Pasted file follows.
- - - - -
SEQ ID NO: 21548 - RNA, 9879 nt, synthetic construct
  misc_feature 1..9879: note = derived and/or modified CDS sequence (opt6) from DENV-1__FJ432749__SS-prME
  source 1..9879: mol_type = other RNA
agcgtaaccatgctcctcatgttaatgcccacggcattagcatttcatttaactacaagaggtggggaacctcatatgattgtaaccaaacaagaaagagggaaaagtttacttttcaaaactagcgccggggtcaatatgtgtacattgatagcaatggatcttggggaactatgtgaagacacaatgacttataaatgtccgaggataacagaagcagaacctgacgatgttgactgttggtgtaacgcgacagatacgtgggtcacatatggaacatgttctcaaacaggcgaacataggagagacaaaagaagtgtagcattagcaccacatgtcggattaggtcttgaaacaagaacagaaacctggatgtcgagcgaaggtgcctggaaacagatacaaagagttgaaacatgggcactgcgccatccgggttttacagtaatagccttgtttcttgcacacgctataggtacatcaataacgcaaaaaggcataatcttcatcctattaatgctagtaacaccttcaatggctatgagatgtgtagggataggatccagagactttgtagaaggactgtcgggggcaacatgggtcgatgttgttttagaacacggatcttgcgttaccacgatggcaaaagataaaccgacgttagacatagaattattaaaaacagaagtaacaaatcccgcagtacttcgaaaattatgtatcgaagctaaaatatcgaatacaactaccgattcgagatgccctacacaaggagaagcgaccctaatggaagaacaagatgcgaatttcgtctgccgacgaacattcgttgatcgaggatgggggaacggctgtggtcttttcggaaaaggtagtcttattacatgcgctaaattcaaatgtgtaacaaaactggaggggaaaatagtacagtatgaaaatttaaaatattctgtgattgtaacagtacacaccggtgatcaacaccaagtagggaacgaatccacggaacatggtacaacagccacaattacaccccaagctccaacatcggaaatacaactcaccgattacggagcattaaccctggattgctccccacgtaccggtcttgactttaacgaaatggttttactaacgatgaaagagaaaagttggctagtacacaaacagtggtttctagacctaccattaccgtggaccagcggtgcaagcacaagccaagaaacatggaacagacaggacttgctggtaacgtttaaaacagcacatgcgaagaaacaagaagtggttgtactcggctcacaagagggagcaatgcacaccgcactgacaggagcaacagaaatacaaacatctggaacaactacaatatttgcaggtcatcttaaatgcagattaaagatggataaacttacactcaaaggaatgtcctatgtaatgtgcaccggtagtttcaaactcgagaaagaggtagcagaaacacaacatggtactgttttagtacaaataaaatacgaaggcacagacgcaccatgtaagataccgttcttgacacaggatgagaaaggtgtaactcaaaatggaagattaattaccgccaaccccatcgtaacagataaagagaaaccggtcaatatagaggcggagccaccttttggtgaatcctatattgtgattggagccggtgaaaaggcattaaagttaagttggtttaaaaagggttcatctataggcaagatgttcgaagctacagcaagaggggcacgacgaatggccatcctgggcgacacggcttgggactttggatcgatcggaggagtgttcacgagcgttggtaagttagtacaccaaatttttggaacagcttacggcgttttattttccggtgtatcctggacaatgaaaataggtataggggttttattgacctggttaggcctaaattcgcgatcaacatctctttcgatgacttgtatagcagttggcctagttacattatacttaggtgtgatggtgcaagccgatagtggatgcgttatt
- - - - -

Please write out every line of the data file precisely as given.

SEQ ID NO: 21548 - RNA, 9879 nt, synthetic construct
  misc_feature 1..9879: note = derived and/or modified CDS sequence (opt6) from DENV-1__FJ432749__SS-prME
  source 1..9879: mol_type = other RNA
agcgtaaccatgctcctcatgttaatgcccacggcattagcatttcatttaactacaagaggtggggaacctcatatgattgtaaccaaacaagaaagagggaaaagtttacttttcaaaactagcgccggggtcaatatgtgtacattgatagcaatggatcttggggaactatgtgaagacacaatgacttataaatgtccgaggataacagaagcagaacctgacgatgttgactgttggtgtaacgcgacagatacgtgggtcacatatggaacatgttctcaaacaggcgaacataggagagacaaaagaagtgtagcattagcaccacatgtcggattaggtcttgaaacaagaacagaaacctggatgtcgagcgaaggtgcctggaaacagatacaaagagttgaaacatgggcactgcgccatccgggttttacagtaatagccttgtttcttgcacacgctataggtacatcaataacgcaaaaaggcataatcttcatcctattaatgctagtaacaccttcaatggctatgagatgtgtagggataggatccagagactttgtagaaggactgtcgggggcaacatgggtcgatgttgttttagaacacggatcttgcgttaccacgatggcaaaagataaaccgacgttagacatagaattattaaaaacagaagtaacaaatcccgcagtacttcgaaaattatgtatcgaagctaaaatatcgaatacaactaccgattcgagatgccctacacaaggagaagcgaccctaatggaagaacaagatgcgaatttcgtctgccgacgaacattcgttgatcgaggatgggggaacggctgtggtcttttcggaaaaggtagtcttattacatgcgctaaattcaaatgtgtaacaaaactggaggggaaaatagtacagtatgaaaatttaaaatattctgtgattgtaacagtacacaccggtgatcaacaccaagtagggaacgaatccacggaacatggtacaacagccacaattacaccccaagctccaacatcggaaatacaactcaccgattacggagcattaaccctggattgctccccacgtaccggtcttgactttaacgaaatggttttactaacgatgaaagagaaaagttggctagtacacaaacagtggtttctagacctaccattaccgtggaccagcggtgcaagcacaagccaagaaacatggaacagacaggacttgctggtaacgtttaaaacagcacatgcgaagaaacaagaagtggttgtactcggctcacaagagggagcaatgcacaccgcactgacaggagcaacagaaatacaaacatctggaacaactacaatatttgcaggtcatcttaaatgcagattaaagatggataaacttacactcaaaggaatgtcctatgtaatgtgcaccggtagtttcaaactcgagaaagaggtagcagaaacacaacatggtactgttttagtacaaataaaatacgaaggcacagacgcaccatgtaagataccgttcttgacacaggatgagaaaggtgtaactcaaaatggaagattaattaccgccaaccccatcgtaacagataaagagaaaccggtcaatatagaggcggagccaccttttggtgaatcctatattgtgattggagccggtgaaaaggcattaaagttaagttggtttaaaaagggttcatctataggcaagatgttcgaagctacagcaagaggggcacgacgaatggccatcctgggcgacacggcttgggactttggatcgatcggaggagtgttcacgagcgttggtaagttagtacaccaaatttttggaacagcttacggcgttttattttccggtgtatcctggacaatgaaaataggtataggggttttattgacctggttaggcctaaattcgcgatcaacatctctttcgatgacttgtatagcagttggcctagttacattatacttaggtgtgatggtgcaagccgatagtggatgcgttatt